We are used to thinking of the moon and sun as opposites, a fallacy that even pervades astronomy, as Space.com points out. For a single instant in a lunar month (29.5 days) the sun is opposite the moon in the sky. This is the exact moment of the full moon. Apart from this, the two may be anything from 180 to 0 degrees apart, and are often seen in the sky together.
This may explain why Völuspá refers to the moon-god Mani as the sun’s companion or escort. (Depending on translation.) Also, when the two appear in the sky for the first time, their routes are not yet established, so it makes sense that they would be together.
(Whether they decide their routes or not is an interesting point, but there’s nothing in Vsp. to tell us. Snorri would probably say that Odin and the gods decided their routes, but in Vsp. the gods decide the names of times, after the sun and moon travel the heavens.)
At any rate, the sun and moon are not seen as opposing forces, but as working together, probably because they are siblings. As I noted in my post on their father, Mundilfare, they are turning the mill-handle named for their father, the mill that turns the heavens, so they have to work together.
I will be writing more about Sol in another post, but now I want to focus on her brother the moon, and what we can deduce about his powers.
Moon, Measure and Mind
One place to start is his name, which is cognate with the words for “moon”, in most Indo-European languages. He also has a very close analogue in the Baltic moon-god Meness, although the brother/husband of the sun-goddess there has a much more antagonistic relationship with his sister/spouse.
The Indo-European word for ‘month” was often based on the word for moon, as well as the word for “measure“. While this may seem obvious, the mental leap needed to compute and track months gave us gods like the Egyptian Thoth, master of maths and calendars. Alvíssmál is clear on the moon’s function as timekeeper:
14. ‘”Moon” it’s called by men but “glow-ball” by the gods,
they call it “spinning wheel” in Hel;
“speeder” giants, “shining” dwarfs,
the elves call it “tally of years”.
In Vsp, as soon as the moon and sun are in the sky, the gods go to their assembly and put names to the times of day. Also, in the tally of dwarfs that comes a few verses later, two are called “New-moon” and “Moon-wane”. In Vafþruðnismál, the moon and sun travel the sky “for men to tell the time”. (Stone: 50)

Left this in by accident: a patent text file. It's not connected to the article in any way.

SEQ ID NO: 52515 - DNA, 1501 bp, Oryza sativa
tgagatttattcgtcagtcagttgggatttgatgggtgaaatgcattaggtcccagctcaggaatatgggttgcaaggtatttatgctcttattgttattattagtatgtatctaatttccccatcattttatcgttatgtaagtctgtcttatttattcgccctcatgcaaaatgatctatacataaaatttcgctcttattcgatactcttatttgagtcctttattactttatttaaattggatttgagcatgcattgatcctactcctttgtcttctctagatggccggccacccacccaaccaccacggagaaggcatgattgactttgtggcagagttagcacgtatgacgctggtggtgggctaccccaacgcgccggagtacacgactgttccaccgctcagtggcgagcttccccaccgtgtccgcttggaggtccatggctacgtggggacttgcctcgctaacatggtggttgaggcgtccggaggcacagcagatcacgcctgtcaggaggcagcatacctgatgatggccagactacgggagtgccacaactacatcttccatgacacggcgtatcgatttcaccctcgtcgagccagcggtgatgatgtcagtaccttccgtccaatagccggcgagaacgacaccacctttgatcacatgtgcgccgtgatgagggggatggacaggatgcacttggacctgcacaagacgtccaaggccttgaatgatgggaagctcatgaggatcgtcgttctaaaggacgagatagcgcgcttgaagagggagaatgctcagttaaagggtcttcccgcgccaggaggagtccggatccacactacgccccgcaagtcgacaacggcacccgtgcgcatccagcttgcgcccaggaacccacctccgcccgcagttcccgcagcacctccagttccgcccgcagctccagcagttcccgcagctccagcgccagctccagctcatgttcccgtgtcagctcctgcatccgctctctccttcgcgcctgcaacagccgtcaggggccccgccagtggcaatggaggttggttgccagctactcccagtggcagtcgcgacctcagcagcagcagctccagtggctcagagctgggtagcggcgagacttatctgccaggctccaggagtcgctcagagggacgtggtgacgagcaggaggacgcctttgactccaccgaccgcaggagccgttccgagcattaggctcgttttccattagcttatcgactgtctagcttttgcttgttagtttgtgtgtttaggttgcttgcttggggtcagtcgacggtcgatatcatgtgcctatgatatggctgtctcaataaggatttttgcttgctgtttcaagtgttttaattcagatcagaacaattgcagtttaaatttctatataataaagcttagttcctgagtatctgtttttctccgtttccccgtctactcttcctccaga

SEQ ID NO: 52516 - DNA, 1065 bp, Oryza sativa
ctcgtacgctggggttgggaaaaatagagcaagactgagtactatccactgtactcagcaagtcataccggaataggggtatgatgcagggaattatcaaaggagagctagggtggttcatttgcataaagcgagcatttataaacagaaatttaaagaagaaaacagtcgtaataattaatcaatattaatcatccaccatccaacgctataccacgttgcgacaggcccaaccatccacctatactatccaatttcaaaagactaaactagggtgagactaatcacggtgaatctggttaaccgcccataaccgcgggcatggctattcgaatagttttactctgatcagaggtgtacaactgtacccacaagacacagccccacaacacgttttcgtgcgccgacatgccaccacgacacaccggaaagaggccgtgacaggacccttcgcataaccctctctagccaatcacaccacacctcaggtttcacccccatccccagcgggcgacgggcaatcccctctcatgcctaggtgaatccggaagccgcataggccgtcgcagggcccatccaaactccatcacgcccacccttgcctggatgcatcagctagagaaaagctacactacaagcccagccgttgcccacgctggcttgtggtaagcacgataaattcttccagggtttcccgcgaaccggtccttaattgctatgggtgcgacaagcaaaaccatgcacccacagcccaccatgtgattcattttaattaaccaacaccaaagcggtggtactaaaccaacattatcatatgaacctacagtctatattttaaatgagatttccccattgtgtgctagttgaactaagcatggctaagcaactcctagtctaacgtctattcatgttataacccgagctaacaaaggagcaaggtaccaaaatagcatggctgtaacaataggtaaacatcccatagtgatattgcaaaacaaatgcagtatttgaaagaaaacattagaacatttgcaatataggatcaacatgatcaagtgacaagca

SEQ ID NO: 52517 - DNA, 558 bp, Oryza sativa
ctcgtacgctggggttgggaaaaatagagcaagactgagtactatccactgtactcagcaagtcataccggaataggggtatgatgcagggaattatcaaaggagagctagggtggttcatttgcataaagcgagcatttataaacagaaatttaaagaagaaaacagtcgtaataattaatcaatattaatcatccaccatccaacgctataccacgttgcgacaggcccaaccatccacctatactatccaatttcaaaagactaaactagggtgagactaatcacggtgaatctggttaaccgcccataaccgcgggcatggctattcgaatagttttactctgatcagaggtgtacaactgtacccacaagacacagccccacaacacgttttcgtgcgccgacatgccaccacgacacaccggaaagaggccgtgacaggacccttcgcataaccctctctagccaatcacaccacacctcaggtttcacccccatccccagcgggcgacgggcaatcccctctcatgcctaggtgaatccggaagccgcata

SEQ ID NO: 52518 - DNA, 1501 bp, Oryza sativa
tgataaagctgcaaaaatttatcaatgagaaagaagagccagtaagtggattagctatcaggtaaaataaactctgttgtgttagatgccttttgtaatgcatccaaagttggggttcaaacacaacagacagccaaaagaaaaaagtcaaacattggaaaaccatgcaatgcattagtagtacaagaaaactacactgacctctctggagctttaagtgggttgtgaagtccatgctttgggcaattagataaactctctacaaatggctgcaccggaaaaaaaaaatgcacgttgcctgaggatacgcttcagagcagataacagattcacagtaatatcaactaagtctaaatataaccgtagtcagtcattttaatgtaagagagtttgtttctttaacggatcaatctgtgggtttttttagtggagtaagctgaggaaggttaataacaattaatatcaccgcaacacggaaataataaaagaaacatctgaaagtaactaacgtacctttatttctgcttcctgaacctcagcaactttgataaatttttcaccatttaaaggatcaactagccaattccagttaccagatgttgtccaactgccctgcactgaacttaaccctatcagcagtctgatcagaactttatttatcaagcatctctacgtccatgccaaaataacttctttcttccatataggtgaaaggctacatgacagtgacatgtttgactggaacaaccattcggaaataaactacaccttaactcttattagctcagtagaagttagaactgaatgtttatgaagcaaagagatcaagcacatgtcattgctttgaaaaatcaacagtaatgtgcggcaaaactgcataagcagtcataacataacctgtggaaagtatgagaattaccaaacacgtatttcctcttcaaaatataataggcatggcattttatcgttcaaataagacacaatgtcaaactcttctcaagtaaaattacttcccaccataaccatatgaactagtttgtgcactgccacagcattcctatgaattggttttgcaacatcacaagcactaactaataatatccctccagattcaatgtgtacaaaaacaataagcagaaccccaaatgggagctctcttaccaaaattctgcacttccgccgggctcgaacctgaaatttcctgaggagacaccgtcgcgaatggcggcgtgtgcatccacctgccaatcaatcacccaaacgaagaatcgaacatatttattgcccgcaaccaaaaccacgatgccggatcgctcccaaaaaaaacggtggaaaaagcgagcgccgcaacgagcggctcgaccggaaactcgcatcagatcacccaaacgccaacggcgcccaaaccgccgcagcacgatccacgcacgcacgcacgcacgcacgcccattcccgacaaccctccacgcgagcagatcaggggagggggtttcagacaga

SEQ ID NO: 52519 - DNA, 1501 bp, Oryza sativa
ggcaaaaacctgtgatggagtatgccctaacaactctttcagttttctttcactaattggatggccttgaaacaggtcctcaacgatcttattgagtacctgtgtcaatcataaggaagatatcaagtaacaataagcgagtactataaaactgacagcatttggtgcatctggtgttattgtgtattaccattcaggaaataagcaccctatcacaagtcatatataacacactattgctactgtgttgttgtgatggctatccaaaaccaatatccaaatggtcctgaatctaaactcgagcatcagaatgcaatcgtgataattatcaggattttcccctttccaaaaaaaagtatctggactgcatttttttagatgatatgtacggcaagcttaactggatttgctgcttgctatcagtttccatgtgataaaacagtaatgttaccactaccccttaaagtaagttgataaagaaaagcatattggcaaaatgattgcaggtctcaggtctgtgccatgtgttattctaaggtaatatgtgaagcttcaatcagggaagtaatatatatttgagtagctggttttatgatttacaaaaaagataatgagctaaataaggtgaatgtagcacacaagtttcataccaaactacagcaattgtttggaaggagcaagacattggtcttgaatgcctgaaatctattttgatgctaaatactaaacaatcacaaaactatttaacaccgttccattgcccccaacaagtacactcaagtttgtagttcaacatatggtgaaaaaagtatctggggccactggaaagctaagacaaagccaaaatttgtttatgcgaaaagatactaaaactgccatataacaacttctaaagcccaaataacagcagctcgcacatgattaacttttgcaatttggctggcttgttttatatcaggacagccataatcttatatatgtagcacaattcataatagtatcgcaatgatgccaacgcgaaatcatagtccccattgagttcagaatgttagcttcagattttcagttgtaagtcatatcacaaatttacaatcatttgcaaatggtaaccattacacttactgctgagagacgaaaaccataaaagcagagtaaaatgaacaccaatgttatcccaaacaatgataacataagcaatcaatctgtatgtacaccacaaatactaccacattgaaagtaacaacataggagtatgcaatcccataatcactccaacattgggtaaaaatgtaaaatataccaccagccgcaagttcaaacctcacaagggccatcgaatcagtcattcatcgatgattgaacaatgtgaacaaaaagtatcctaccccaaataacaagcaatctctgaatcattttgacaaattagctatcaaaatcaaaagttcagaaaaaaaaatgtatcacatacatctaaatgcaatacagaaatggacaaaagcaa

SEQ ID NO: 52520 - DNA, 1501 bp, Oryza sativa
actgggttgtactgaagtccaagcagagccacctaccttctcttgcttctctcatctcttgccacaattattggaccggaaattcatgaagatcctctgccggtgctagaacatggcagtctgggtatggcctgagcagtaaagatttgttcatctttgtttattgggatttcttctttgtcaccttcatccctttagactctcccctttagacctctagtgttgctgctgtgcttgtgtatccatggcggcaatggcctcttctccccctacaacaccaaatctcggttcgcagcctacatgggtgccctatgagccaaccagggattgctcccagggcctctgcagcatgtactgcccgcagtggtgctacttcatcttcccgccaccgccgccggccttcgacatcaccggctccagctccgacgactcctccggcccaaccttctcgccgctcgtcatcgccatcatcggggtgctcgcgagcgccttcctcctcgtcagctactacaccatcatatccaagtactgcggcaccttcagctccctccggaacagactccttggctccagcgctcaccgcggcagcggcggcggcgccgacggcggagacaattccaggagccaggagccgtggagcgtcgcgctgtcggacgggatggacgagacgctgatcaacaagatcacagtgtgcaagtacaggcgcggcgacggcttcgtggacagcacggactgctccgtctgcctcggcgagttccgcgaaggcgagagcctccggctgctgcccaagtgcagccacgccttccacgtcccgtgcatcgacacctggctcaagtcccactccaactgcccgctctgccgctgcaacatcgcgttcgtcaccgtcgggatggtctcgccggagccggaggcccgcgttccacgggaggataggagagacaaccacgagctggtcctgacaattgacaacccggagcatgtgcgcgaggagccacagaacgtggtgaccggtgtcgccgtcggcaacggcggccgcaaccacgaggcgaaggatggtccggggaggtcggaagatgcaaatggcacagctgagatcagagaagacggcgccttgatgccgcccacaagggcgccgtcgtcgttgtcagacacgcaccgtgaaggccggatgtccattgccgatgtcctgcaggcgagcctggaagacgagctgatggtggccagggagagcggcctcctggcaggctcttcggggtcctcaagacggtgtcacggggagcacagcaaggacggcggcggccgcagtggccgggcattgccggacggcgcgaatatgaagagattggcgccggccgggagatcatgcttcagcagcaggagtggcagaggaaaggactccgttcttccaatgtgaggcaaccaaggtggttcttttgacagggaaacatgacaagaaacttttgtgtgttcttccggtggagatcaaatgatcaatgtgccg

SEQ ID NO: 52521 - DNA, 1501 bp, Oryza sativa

Further, the moon has been linked to the mind in Indo-European thought, especially by Bruce Lincoln. It makes sense that the sun would be the seat of emotion, which is an immediate response, while the moon, which shines with reflected light, would be the seat of reflection. Reason is how we interpret and analyze our immediate reactions to things. (Lincoln also mentions that clouds are thoughts, an amusing analogy.)
(Lucy Goodison had some interesting work on pre-Mycenean Greece showing that they shared this belief – the sun as a vital, emotional force and the moon as a reflecting, rational one. This would not be Indo-European, of course, but it does show that the idea was out there.)
This last is total speculation, of course, but I can’t help but think that the same ability to abstract that gave us time-keeping in the first place would naturally be linked to the moon. (And before anyone starts complaining that I’ve made rationality = male, I invite you to consider who might be tracking the phases of the moon, and for what purposes.)
The fate of the sun (and moon) in Vsp tells us about the beginning and ending of time. They emerge at the beginning of things to measure out time and start the heavens moving, and at the end the wolves devour them (in the poem, only the sun is mentioned) to show that time is at an end. The death of the sun is the visible sign of the Ragnarök, as the darkness covers all.
PS – In the poem Hávamál Odin advises to invoke the moon “against malice” (verse 137). It is not entirely clear what he means by this, but the moon, as the seat of thought, could ward against evil thoughts and speech. (The Baltic Meness, who was a bit more warlike, gave his strength and ability to renew to all things. Mani may also have been able to lend strength and resilience to someone suffering from the malice of others.)
The Elder Edda, a Book of Viking Lore, Andy Orchard (trans.), Penguin Classics, 2011.
Goodison, Lucy 1992: Moving Heaven and Earth: Sexuality, Spirituality, and Social Change, Pandora Press.
Lincoln, Bruce 1986: Myth, Cosmos and Society: Indo-European Themes of Creation and Destruction, Harvard University Press.
Stone, Alby 1997: Ymir’s Flesh: North European Creation Mythologies, Capall Bann.
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